ALTER DATABASE command is similar to that of a non-CDB database. You just need to understand the scope of the changes you are making. Some
ALTER DATABASE commands applied to the CDB will by definition affect all PDBs plugged into the CDB. Others target just the root container itself. The scoping of the the
ALTER DATABASE command is shown in a table in the documentation here.
Modify a PDB (ALTER PLUGGABLE DATABASE)
Modifying a PDB is done by pointing to the relevant container and using the
ALTER PLUGGABLE DATABASE command, but for backward compatibility reasons the
ALTER DATABASE command will work for most of the possible modifications. Not surprisingly, the possible modifications available to PDB are a subset of those possible for a CDB or non-CDB database.
Remember, to target the PDB you must either connect directly to a privileged user using a service pointing to the PDB, or connect to the root container and switch to the PDB container. Some of the possible PDB modifications are shown below.
CONN / AS SYSDBA ALTER SESSION SET CONTAINER = pdb1; -- Default edition for PDB. ALTER PLUGGABLE DATABASE DEFAULT EDITION = ora$base; -- Default tablespace type for PDB. ALTER PLUGGABLE DATABASE SET DEFAULT BIGFILE TABLESPACE; ALTER PLUGGABLE DATABASE SET DEFAULT SMALLFILE TABLESPACE; -- Default tablespaces for PDB. ALTER PLUGGABLE DATABASE DEFAULT TABLESPACE users; ALTER PLUGGABLE DATABASE DEFAULT TEMPORARY TABLESPACE temp; -- Change the global name. This will change the container name and the -- name of the default service registered with the listener. ALTER PLUGGABLE DATABASE OPEN RESTRICTED FORCE; ALTER PLUGGABLE DATABASE RENAME GLOBAL_NAME TO pdb1a.localdomain; ALTER PLUGGABLE DATABASE CLOSE IMMEDIATE; ALTER PLUGGABLE DATABASE OPEN; -- Time zone for PDB. ALTER PLUGGABLE DATABASE SET TIME_ZONE='GMT'; -- Make datafiles in the PDB offline/online and make storage changes. ALTER PLUGGABLE DATABASE DATAFILE '/u01/app/oracle/oradata/cdb1/pdb1/pdb1_users01.dbf' OFFLINE; ALTER PLUGGABLE DATABASE DATAFILE '/u01/app/oracle/oradata/cdb1/pdb1/pdb1_users01.dbf' ONLINE; ALTER PLUGGABLE DATABASE DATAFILE '/u01/app/oracle/oradata/cdb1/pdb1/pdb1_users01.dbf' RESIZE 1G AUTOEXTEND ON NEXT 1M; -- Supplemental logging for PDB. ALTER PLUGGABLE DATABASE ADD SUPPLEMENTAL LOG DATA; ALTER PLUGGABLE DATABASE DROP SUPPLEMENTAL LOG DATA;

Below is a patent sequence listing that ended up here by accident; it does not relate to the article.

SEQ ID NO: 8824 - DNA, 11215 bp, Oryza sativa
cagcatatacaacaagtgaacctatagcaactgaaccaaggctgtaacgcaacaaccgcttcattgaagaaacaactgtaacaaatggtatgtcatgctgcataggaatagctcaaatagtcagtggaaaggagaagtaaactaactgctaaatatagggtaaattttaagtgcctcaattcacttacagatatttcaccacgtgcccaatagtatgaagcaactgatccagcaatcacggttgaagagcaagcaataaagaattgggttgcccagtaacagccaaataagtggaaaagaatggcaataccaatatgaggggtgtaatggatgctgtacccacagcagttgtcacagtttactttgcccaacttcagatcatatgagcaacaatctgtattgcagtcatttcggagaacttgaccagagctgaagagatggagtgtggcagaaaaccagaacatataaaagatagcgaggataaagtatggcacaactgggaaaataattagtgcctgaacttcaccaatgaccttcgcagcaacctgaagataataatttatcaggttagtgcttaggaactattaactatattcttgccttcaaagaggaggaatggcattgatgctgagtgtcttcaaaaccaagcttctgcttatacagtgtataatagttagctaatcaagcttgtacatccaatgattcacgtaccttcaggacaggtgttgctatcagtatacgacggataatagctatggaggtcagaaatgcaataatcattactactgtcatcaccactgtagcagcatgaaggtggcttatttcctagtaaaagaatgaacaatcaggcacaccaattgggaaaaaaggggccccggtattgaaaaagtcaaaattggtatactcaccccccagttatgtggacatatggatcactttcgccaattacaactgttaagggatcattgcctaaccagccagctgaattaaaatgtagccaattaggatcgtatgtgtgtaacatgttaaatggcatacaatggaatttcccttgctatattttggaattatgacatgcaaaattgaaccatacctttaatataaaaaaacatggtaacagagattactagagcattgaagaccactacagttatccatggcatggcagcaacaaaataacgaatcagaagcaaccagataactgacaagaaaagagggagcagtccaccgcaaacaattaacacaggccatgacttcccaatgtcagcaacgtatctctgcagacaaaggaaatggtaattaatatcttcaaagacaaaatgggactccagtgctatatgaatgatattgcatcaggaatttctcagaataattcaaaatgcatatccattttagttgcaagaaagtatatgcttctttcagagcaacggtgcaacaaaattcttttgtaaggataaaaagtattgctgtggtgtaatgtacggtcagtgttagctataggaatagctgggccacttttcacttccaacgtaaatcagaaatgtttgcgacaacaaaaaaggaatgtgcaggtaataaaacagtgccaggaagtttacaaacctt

In addition there is a mechanism to control the maximum size of the PDB and the amount of the shared temp space it can use.
-- Limit the total storage of the the PDB (datafile and local temp files). ALTER PLUGGABLE DATABASE STORAGE (MAXSIZE 5G); -- Limit the amount of temp space used in the shared temp files. ALTER PLUGGABLE DATABASE STORAGE (MAX_SHARED_TEMP_SIZE 2G); -- Combine the two. ALTER PLUGGABLE DATABASE STORAGE (MAXSIZE 5G MAX_SHARED_TEMP_SIZE 2G); -- Remove the limits. ALTER PLUGGABLE DATABASE STORAGE UNLIMITED;
For more information see:
- Introduction to the Multitenant Architecture
- Overview of the Multitenant Architecture
- Managing a Multitenant Environment
- ALTER SYSTEM
- ALTER DATABASE
- ALTER PLUGGABLE DATABASE
Hope this helps. Regards Tim...